By Jared Alokozai
Last Saturday, Claire Trevor featured an array of gallery openings diverse enough to sate art-lovers’ appetites until Winter quarter. Two of these exhibitions focused on an artist’s identification with the medium itself: Simon Penny and David Familian’s “Embodied Encounters” explored possibilities for an artfully meditative call-and-response between man and machine, while Maura Brewer’s “Tribute to Jessica Chastain” dealt with the artist’s fascination with the silver screen’s red-headed queen and the ways the actress embodies Hollywood’s fantasies of colonization, Oedipal longing and depressive inertia in her latest blockbuster roles.
Hosted in the Beall Center, the exhibition presented seven contemporary artists whose works negotiate the crumbling Cartesian paradigm that insists bodily experience is completely independent from the mind. Familian, who curated the exhibition, said that “Our brain is not as engaged as we think it is — our body does most of the work that we credit our brain.” Familian and Penny revealed this unifying philosophy they call “embodiment” through subverting our interactions with technology.
George Khut’s “Cardiomorphologies” requires viewers to recline in a lawnchair as biosensors transform involuntary body functions like pulse and breath into kaleidoscopic concentric circles projected on a wall. Your body’s unique cadence becomes visual, artful information in real time. “Time Lenses,” an installation by Sha Xin Wei, Todd Ingalls, and Julian Stein, projects livestreamed footage of exhibition attendees on to five suspended segments of white cloth. Cameras capture gallery-goers in lagging, grainy grayscale, the screens like mirrors to a monochromatic world that runs in freeze-frames. Viewers are forced to stand still and keep their movements minimal to appreciate themselves in full effect.
U.K. artist Alex May’s “Shadows of Light” demands a similar sort of disruptive, static restraint but this time in technicolor. A modified Microsoft Kinect motion-sensing camera renders spectators as silhouettes of dripping, prismatic paint on an arrestingly large LCD screen. The longer the subject holds a pose, the crisper and more vibrant their stenciled digital body appears.
“A lot of interactive art is instantly reactive, so you have this very basic call and response interaction,” said May. But “Shadows of Light” implores viewers to slow down. “It’s only the act of standing still and observing that brings out the full interaction. It rewards you for spending time with it,” said May, subverting our expected reward circuitry that favors hyperfast, slick user interfaces. A trained software engineer, May works to democratize this sort of subversive digital art by creating a free, open-source visual art platform called Fugio, which grants those of us with little coding experience opportunities to create and manipulate digital spaces.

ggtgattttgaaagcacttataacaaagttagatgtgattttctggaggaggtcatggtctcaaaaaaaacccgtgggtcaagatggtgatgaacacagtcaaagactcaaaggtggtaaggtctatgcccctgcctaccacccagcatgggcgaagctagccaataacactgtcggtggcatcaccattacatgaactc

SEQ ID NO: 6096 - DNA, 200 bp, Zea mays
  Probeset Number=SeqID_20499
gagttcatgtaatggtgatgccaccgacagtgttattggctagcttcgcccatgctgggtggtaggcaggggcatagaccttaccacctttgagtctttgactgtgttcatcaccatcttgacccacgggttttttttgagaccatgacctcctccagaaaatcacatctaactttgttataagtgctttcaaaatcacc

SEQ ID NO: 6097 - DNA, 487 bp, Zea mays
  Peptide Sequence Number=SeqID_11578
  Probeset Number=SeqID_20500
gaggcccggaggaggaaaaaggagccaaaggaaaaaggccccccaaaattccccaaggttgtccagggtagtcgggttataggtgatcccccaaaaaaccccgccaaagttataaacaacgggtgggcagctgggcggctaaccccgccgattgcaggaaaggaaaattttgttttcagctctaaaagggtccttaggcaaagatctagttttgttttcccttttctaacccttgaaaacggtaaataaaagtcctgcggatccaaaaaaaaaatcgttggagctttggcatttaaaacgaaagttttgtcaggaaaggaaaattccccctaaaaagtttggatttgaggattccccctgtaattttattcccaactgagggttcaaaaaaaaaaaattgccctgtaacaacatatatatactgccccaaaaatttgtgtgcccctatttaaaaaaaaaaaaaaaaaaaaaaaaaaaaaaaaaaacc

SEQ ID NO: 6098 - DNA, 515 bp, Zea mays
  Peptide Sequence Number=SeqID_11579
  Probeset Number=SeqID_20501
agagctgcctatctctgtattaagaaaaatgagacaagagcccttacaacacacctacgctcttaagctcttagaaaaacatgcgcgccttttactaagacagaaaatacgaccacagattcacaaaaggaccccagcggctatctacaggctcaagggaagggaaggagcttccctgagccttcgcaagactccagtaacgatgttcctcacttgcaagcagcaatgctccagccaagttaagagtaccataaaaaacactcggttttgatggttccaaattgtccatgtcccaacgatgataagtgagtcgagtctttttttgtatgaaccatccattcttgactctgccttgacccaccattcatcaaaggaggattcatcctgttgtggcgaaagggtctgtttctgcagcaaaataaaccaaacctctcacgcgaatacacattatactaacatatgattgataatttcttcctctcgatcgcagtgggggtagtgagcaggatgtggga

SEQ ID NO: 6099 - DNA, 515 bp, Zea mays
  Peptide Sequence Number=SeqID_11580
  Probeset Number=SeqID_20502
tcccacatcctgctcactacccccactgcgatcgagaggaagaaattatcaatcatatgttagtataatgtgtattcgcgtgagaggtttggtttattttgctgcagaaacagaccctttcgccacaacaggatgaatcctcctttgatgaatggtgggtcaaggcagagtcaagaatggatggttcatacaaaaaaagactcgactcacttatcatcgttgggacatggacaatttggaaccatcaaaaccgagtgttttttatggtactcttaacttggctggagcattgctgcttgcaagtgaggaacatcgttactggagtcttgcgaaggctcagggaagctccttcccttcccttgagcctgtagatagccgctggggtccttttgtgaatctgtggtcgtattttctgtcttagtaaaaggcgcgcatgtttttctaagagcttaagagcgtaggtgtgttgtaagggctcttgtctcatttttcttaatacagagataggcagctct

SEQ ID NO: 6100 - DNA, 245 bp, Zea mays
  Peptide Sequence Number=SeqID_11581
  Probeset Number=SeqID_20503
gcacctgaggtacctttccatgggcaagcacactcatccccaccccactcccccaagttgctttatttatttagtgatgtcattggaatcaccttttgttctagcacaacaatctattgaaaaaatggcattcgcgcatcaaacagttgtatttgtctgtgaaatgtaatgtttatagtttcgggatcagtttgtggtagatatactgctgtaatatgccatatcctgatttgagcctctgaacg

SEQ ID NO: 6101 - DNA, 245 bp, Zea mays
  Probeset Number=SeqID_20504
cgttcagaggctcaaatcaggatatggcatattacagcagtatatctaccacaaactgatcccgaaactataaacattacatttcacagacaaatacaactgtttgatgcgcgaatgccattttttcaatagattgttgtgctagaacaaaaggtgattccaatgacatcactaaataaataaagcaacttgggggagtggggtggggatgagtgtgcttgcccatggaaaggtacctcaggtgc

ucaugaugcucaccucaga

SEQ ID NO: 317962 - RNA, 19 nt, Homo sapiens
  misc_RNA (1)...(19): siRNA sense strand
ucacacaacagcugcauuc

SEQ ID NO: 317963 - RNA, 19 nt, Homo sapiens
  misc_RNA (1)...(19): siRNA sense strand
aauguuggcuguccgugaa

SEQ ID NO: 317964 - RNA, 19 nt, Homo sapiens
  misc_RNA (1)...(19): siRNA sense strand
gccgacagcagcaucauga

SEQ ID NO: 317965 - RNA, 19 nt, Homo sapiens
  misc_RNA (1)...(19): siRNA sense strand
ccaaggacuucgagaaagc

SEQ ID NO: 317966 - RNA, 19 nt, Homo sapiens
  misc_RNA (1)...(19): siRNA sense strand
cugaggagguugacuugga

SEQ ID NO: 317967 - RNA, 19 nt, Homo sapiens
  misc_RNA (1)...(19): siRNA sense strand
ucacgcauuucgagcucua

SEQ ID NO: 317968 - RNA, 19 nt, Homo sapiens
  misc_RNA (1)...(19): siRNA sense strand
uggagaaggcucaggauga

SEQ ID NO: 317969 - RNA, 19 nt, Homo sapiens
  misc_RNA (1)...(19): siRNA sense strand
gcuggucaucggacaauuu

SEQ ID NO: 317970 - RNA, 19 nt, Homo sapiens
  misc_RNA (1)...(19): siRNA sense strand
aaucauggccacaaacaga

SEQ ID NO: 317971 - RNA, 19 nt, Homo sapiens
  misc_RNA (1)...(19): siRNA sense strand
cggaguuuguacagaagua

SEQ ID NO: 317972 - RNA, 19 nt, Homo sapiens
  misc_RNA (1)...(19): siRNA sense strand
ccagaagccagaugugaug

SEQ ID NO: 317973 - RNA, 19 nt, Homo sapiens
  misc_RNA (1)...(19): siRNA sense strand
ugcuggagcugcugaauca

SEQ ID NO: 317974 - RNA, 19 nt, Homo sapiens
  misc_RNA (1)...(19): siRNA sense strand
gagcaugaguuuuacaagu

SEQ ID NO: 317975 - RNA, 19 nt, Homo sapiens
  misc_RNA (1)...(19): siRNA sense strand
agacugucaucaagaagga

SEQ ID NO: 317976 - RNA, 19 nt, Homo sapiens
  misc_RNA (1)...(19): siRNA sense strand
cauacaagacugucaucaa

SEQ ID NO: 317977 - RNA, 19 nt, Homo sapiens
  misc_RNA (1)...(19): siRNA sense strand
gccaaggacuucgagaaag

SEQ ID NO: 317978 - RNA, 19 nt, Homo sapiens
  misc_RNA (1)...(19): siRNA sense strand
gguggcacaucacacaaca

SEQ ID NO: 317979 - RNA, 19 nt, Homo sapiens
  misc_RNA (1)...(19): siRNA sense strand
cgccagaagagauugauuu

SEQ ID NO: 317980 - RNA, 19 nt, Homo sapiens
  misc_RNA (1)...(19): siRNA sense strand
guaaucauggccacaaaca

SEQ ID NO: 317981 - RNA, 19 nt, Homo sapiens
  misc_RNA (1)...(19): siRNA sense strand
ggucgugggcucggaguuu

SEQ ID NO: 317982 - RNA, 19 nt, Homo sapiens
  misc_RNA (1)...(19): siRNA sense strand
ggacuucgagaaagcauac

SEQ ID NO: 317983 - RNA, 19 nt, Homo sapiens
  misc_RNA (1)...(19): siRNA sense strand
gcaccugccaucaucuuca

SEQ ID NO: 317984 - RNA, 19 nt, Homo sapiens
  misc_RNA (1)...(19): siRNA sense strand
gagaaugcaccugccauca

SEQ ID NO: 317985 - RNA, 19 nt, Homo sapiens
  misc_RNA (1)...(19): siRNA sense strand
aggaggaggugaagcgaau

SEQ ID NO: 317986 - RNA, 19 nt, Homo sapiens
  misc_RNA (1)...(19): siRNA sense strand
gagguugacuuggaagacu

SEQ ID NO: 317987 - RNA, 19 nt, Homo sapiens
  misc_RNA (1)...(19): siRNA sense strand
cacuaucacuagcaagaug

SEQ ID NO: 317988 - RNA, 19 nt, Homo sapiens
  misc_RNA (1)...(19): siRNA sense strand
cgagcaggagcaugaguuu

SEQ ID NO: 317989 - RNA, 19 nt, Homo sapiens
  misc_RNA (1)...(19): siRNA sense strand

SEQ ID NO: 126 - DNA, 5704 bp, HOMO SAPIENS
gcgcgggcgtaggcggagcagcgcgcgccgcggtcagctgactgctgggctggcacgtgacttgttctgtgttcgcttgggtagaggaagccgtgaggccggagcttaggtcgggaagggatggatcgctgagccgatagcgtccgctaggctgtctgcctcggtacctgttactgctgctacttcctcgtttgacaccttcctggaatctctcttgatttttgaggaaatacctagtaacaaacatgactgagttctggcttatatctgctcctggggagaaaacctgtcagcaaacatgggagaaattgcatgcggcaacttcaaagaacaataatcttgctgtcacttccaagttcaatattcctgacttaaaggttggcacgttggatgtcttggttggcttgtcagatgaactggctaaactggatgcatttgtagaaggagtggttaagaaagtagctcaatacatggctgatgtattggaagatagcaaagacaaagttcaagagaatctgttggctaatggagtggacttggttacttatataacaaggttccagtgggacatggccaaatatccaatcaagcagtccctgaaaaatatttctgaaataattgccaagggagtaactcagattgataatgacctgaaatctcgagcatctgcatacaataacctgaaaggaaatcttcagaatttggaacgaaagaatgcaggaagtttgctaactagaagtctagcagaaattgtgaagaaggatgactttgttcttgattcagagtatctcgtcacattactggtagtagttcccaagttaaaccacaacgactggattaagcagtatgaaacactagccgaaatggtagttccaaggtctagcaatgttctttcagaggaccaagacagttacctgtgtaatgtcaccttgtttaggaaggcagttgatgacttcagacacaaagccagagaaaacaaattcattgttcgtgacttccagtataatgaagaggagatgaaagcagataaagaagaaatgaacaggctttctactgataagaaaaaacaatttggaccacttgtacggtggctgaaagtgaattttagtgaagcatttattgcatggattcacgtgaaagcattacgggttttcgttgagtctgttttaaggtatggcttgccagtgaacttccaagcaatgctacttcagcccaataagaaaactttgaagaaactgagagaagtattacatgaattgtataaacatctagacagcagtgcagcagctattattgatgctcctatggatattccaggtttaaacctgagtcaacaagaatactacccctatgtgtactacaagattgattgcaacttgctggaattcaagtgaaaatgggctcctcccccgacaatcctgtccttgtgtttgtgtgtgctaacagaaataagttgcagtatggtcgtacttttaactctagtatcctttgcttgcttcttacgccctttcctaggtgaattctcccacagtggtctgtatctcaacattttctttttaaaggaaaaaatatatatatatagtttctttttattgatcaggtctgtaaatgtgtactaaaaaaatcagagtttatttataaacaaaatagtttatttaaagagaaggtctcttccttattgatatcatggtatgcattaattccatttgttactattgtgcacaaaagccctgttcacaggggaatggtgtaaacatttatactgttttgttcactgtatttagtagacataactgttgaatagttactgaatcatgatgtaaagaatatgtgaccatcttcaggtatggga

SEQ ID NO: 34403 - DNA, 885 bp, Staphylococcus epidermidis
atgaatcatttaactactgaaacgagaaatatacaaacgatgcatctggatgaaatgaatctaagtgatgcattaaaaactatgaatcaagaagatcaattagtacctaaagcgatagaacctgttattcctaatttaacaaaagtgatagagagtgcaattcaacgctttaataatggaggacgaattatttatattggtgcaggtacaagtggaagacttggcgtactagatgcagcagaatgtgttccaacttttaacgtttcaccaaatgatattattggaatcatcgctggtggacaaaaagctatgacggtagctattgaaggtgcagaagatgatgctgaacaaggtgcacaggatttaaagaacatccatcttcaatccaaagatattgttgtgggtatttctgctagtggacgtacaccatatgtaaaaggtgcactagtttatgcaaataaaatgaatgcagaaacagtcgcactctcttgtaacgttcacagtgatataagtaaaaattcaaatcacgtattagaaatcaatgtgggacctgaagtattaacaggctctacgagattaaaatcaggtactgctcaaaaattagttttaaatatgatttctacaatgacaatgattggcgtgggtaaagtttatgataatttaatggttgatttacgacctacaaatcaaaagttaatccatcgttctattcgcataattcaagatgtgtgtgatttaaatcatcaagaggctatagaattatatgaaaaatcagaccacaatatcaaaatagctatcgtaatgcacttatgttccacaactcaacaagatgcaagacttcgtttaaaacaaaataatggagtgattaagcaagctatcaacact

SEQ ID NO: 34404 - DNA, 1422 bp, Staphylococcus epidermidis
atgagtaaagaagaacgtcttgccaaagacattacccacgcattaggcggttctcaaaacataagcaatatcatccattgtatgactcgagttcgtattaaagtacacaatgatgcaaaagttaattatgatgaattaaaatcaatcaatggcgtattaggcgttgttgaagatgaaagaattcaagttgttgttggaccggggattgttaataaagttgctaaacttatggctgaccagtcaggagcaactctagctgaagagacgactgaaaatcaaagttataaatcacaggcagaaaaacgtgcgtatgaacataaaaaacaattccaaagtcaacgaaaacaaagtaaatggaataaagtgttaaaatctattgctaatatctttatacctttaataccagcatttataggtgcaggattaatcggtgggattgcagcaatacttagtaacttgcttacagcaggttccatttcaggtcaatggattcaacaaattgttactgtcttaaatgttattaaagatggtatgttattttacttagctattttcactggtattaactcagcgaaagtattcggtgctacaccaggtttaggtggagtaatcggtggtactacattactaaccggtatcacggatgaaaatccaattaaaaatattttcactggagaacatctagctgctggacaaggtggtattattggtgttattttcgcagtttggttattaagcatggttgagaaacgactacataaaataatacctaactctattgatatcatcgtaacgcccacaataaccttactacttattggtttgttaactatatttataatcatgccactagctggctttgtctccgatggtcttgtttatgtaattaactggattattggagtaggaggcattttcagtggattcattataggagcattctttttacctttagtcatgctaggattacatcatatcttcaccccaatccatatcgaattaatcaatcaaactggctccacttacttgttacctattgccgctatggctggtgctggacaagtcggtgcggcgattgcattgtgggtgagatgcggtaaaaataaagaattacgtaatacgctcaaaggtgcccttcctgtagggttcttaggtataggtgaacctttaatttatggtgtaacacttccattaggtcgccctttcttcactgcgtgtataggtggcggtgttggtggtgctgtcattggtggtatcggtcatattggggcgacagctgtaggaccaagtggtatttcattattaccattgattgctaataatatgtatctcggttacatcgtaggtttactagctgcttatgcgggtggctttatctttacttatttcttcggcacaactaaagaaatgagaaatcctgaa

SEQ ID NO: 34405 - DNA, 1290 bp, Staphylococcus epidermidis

In the adjacent University Art Gallery, conceptual artist Maura Brewer’s “Tribute to Jessica Chastain” scrutinizes a different sort of virtual space: that of the Hollywood film. Three looping films depict Brewer’s heady analyses of Chastain’s performance in three movies: “Zero Dark Thirty,” “Interstellar,” and “The Martian.” With a post-feminist eye, Brewer splices and rearranges scenes from the leading lady’s roles and overlays text, voiceovers, and graphics to connect dots and prove her thesis: despite Chastain’s characters’ agency, financial autonomy and status as a pop-feminist icon, she remains subject to pressures from patriarchal institutions and the whims of the male leads opposite her. “I was interested in having a contemporary conversation about feminism in which there’s a recognition that though women — specifically white American women — have access to agency, it is always circumscribed by larger systems, larger institutions… Jessica Chastain’s recurring roles are parables of this,” said Brewer.
Part YouTube conspiracy theory video, part high-level film analysis, the videos narrate threads of sound logic that come together to depict Chastain as playing essentially the same role as vessel for Hollywood’s fantasies: of satisfying fictive linearity despite growing real-world uncertainty in “Zero Dark Thirty,” of subservience to the institution and its male avatar (Matt Damon) in “The Martian,” and of codependent Oedipal desire for her father (Matthew McConaughey) in “Interstellar.”
These exhibitions shine a light on the materiality of our world, from our interactions with emerging technologies to our deep identification with cultural heroes. Should this sort of deconstructive thinking appeal to you, the exhibits will remain open until winter.